Our city-funded 2012 Pedestrian and Bikeway Plan shows bike lanes and better sidewalks along Richards Ave, and connecting to Rowayton Ave. to create a 2 mile long Ped/Bike corridor from Cudlipp St on the south end to Fillow St on the north end near Fox Lane School. Why isnt NCC involved in helping our city move that ahead, which would help hundreds of theri students every day who walk or bike to school along that route from mass transit routes along Route 1 and the Metro North stop in Rowayton?
    This $2 million publicly funded bridge idea sounds like a vanity project more than anything, using easy state tax money. Richards Ave. will never be closed down, since it is a crucial connection to West Norwalk for emergency vehicles as well as entire neighborhoods, with an ADT (Average Daily Traffic) count of 8900 cars. Imagine all this traffic diverted to West Cedar and Fillow St.! It’s a bad idea and should never be mentioned again at the risk of institutional embarrassment.
    It would be much better for NCC to work with the community on finding a simple low-cost “Complete Street” solution for Richards Ave that accommodates pedestrians and bicycles as well as cars. As a landscape architect and Co-Chair of the recently formed Norwalk Bike/Walk Task Force, I would be happy to sit down with campus planners and help come up with a solution that benefits the community as well as improves safety for students.

  2. isabelle hargrove

    @Mr. Mushak
    You find the idea of building a pedestrian cross bridge “very disturbing” but as a zoning commissioner in 2012 you voted NO to denying a mosque permit which called for a 27,000-square-foot building with an 80-foot minaret and 89 parking spots on a 1.5-acre property in a AAA residential area?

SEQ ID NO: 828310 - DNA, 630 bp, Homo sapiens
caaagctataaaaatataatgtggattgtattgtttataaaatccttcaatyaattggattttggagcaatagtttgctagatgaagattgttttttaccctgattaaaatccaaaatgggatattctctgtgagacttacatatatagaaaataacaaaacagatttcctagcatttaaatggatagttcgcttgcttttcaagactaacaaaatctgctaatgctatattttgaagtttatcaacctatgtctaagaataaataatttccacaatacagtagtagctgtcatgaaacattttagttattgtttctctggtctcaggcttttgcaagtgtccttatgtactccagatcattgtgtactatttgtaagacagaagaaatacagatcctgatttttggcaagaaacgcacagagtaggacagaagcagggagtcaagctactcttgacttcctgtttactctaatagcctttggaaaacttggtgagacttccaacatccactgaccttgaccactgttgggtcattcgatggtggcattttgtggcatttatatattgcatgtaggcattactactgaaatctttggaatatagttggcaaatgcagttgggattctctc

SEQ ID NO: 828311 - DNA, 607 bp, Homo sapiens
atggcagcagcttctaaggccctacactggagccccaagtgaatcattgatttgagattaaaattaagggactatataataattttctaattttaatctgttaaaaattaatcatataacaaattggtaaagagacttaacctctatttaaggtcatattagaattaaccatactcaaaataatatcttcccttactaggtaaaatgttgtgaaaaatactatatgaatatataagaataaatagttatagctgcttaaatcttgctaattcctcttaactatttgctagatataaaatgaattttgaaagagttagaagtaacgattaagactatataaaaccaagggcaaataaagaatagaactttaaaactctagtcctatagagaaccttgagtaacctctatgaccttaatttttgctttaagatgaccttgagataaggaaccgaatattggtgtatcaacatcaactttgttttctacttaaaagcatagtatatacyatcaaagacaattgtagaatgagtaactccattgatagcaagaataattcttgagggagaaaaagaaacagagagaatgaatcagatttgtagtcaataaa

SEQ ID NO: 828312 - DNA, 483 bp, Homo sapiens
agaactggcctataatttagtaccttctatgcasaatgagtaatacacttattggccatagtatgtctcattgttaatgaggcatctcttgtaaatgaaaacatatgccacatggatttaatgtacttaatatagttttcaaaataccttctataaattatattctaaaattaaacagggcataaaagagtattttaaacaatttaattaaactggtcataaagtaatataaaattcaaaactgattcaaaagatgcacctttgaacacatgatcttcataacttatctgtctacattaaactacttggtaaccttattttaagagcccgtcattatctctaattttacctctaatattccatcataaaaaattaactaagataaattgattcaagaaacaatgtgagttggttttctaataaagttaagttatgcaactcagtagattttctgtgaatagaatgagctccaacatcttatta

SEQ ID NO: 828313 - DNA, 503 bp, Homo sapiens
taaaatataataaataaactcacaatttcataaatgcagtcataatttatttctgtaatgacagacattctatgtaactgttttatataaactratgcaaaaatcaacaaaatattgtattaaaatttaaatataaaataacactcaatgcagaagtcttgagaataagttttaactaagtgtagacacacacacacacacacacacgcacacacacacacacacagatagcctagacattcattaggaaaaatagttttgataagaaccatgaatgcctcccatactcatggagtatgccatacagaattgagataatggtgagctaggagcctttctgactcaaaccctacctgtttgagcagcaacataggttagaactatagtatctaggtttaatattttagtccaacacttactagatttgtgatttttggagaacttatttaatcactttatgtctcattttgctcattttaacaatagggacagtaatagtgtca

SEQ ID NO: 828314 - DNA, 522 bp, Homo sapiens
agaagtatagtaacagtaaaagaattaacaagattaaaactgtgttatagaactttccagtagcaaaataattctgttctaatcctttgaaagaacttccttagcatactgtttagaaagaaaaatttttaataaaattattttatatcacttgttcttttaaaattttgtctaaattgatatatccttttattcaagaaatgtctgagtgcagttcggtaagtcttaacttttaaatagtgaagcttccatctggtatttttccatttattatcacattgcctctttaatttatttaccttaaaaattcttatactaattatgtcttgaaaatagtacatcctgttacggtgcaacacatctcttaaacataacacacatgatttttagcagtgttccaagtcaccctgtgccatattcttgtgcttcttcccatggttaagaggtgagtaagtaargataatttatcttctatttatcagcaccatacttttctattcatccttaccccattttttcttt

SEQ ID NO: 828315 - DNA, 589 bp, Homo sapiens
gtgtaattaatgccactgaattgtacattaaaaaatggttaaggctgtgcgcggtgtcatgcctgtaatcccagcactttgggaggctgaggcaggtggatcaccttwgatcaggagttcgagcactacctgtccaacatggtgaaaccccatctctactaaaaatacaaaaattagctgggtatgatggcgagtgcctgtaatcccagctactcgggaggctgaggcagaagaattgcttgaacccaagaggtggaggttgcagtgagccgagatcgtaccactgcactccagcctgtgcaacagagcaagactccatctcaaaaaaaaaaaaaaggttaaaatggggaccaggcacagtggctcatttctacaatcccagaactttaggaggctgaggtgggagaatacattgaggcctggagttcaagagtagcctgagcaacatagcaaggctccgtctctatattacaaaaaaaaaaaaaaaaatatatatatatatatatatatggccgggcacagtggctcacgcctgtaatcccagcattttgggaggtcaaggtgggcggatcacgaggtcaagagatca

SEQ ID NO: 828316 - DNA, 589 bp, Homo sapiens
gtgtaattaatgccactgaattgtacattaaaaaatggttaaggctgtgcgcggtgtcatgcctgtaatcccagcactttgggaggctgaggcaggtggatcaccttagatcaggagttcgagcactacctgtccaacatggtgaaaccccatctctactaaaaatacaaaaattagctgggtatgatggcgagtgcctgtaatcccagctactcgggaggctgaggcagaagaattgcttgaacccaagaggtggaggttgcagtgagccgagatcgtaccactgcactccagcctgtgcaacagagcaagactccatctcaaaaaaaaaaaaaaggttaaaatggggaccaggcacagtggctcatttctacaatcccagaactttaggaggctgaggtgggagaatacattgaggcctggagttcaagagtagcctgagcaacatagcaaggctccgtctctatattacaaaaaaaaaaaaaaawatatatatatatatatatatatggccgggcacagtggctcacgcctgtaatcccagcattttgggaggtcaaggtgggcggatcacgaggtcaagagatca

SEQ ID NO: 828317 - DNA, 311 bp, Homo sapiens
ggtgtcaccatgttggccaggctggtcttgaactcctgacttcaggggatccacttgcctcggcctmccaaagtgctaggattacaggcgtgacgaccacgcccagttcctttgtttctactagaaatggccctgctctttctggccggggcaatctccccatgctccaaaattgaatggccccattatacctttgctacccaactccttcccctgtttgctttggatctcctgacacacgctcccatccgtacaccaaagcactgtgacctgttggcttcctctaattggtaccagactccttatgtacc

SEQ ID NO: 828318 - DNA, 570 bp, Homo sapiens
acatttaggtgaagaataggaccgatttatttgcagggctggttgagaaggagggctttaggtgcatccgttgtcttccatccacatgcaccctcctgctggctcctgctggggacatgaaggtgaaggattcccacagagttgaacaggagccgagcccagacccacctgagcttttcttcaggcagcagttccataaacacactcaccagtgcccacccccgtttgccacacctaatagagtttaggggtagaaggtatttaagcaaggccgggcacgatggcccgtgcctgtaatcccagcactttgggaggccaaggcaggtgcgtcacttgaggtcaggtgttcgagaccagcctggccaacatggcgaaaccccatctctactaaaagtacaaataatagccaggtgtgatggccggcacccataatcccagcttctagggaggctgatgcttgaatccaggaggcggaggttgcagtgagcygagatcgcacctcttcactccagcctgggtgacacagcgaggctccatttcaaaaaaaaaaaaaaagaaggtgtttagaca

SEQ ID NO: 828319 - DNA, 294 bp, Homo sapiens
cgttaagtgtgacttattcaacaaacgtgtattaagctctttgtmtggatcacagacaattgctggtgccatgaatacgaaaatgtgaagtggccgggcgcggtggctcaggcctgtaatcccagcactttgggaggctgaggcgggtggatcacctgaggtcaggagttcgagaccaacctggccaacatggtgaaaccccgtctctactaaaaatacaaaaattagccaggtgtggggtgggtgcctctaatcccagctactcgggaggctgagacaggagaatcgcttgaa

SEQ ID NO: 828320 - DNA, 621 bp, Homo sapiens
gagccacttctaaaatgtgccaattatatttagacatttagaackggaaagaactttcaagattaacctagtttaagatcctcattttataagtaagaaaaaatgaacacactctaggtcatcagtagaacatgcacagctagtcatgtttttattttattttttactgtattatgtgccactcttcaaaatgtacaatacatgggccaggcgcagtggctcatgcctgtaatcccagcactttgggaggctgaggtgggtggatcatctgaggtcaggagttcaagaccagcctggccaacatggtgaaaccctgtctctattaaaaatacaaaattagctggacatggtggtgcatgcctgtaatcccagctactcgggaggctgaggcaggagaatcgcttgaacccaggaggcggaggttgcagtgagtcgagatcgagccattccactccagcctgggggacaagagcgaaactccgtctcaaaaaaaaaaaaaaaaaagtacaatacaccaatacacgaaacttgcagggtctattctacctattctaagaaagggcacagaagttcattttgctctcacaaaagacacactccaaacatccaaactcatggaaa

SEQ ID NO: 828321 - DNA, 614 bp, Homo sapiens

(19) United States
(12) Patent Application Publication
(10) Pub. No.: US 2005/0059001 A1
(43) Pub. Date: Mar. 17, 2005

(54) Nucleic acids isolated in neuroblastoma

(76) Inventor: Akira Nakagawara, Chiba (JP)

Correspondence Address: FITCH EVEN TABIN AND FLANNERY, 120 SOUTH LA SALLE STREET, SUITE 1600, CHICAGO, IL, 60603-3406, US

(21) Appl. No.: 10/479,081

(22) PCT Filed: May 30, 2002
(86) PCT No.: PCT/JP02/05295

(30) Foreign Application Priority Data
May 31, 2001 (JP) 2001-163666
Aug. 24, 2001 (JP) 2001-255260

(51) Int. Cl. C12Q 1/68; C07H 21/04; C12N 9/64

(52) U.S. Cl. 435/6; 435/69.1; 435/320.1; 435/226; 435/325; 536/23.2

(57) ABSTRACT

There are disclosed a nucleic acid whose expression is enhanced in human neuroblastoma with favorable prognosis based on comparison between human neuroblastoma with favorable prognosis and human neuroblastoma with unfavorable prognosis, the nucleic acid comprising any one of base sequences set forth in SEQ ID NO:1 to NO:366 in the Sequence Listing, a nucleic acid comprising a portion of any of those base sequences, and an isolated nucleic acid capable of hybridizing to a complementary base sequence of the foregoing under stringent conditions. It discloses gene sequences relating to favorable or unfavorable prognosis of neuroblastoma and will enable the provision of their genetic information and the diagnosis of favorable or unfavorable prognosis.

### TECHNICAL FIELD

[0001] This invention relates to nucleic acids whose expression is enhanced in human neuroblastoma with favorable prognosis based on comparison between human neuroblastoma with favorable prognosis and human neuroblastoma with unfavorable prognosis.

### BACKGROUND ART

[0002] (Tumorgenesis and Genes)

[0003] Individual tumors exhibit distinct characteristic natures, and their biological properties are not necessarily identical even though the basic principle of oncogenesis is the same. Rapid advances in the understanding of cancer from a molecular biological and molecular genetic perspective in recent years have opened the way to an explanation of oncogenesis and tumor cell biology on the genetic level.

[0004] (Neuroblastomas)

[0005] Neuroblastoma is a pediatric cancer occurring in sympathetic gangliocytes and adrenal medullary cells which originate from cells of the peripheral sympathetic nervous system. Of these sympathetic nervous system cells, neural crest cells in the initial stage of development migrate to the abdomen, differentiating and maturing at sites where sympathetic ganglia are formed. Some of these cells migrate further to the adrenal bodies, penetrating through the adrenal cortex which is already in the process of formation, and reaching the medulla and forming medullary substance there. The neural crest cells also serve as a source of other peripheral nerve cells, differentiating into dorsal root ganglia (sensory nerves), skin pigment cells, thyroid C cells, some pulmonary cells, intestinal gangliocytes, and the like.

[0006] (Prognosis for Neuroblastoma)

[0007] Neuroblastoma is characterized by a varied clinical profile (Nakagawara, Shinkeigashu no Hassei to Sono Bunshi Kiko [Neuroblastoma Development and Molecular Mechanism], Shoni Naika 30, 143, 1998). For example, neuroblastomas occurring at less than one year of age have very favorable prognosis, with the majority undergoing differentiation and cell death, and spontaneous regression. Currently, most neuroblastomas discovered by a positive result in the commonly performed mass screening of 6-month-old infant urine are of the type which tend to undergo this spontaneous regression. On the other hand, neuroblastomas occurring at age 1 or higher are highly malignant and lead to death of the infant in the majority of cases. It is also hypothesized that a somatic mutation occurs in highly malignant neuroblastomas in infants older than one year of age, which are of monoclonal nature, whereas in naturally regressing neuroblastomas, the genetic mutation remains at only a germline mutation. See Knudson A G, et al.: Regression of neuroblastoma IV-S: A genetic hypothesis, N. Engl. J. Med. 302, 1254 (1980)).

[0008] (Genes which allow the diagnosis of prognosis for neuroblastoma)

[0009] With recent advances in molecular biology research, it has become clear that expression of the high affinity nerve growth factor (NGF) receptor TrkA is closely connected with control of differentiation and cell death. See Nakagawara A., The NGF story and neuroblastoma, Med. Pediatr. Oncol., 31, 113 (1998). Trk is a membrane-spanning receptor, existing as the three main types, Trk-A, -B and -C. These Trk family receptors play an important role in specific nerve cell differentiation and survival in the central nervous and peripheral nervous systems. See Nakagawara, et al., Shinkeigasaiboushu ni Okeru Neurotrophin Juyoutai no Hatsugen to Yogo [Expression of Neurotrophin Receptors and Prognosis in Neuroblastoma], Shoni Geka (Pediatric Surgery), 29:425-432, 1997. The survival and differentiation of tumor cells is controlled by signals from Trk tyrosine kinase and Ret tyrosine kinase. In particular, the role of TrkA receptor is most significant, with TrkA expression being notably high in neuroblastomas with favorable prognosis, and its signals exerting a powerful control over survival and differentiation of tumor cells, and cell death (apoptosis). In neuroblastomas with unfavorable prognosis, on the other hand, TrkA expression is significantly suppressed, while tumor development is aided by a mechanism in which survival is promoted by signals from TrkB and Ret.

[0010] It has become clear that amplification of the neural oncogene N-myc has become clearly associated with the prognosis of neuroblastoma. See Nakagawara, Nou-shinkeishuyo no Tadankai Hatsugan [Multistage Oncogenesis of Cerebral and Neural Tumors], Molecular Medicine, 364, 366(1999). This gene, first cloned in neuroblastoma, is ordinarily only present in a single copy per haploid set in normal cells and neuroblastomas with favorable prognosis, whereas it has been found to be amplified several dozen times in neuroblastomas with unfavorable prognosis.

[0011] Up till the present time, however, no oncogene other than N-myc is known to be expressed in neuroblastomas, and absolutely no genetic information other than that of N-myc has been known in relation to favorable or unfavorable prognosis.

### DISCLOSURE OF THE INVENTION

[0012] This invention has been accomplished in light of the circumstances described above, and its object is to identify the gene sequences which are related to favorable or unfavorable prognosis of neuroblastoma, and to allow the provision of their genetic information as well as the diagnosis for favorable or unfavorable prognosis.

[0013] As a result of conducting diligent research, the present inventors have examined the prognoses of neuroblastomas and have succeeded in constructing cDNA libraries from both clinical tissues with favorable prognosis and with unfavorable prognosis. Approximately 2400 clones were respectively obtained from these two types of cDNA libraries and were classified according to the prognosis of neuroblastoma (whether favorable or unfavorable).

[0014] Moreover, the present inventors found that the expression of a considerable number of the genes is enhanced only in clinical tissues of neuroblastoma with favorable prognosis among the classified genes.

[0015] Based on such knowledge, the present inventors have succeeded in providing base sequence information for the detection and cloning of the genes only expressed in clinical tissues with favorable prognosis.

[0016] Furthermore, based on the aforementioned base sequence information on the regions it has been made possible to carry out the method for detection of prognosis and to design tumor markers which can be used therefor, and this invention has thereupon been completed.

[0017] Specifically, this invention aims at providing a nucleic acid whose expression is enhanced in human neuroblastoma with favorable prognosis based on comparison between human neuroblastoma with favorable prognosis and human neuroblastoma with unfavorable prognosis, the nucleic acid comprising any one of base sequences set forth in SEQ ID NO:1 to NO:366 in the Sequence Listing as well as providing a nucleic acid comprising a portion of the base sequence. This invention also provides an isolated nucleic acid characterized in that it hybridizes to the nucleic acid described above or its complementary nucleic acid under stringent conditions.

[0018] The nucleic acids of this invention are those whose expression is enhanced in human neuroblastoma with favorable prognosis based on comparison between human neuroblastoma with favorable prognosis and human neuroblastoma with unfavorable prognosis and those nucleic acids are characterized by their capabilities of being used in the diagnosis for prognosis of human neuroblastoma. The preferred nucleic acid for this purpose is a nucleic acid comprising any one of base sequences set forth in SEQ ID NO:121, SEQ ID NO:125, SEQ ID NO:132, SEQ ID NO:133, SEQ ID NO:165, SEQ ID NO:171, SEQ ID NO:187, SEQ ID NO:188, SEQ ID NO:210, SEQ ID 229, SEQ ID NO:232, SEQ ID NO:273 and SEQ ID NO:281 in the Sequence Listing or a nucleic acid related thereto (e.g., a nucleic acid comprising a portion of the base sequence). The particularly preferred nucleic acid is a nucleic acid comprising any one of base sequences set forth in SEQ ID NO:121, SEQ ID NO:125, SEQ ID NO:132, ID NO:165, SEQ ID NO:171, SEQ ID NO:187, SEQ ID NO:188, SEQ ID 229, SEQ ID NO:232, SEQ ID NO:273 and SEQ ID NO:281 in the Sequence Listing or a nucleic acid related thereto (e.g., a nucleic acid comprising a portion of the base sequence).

You certainly seem very selective in your judgment of what makes for sound suburban planning in West Norwalk! Or maybe you thought the + 1,000 occupants for the mosque and community center would all ride a bike despite that steep hill by the intersection…

  3. Suzanne

    Ms. Hargrove, your understanding of that mosque vote shows a distinct lack of understanding of what took place. I suggest you do your research.
    I pass by NCC on a regular basis: I cannot believe a multi-million dollar bridge is required for the periodic times during which students cross the street. I have never waited more than three minutes, if that, for stragglers as well as groups to cross. Do the two crossing guards cost millions? Does waiting a bit for safety’s sake to let the students cross cost millions?
    How long will Richards Avenue be blocked during construction? Does it matter that this is a major access to West Norwalk?
    I think this is an unnecessary structure. It is growing the campus into something it is not: a major educational institution that requires out sized infrastructure in order to operate. NCC is a Community college, formerly known as a Junior College.
    Let’s keep it that way.

  4. isabelle hargrove

    I am not sure there is much room for any misunderstanding. This vote has never been contested and is a matter of public record. I was also in attendance. Below, is one of the many articles you might want to read to correct your misunderstanding of the situation. Mr. Mushak voted NO to deny the application and no amount of lengthy verbiage from you or Mr. Mushak can change that record. Based on that vote, Mr. Mushak lost all credibility with me and many others in West Norwalk as a legitimate advocate on preservation and quality of life issues for our residential neighborhood.


  5. Suzanne

    “There are four centuries of religious diversity and religious tolerance in Norwalk,” Mushak said. “And this application has nothing to do with that strong tradition. I think Norwalk needs a beautiful and thriving mosque to serve the Muslim community. Unfortunately, I don’t think that this site is the proper location for it based on density of use as described in our special permit regulation.”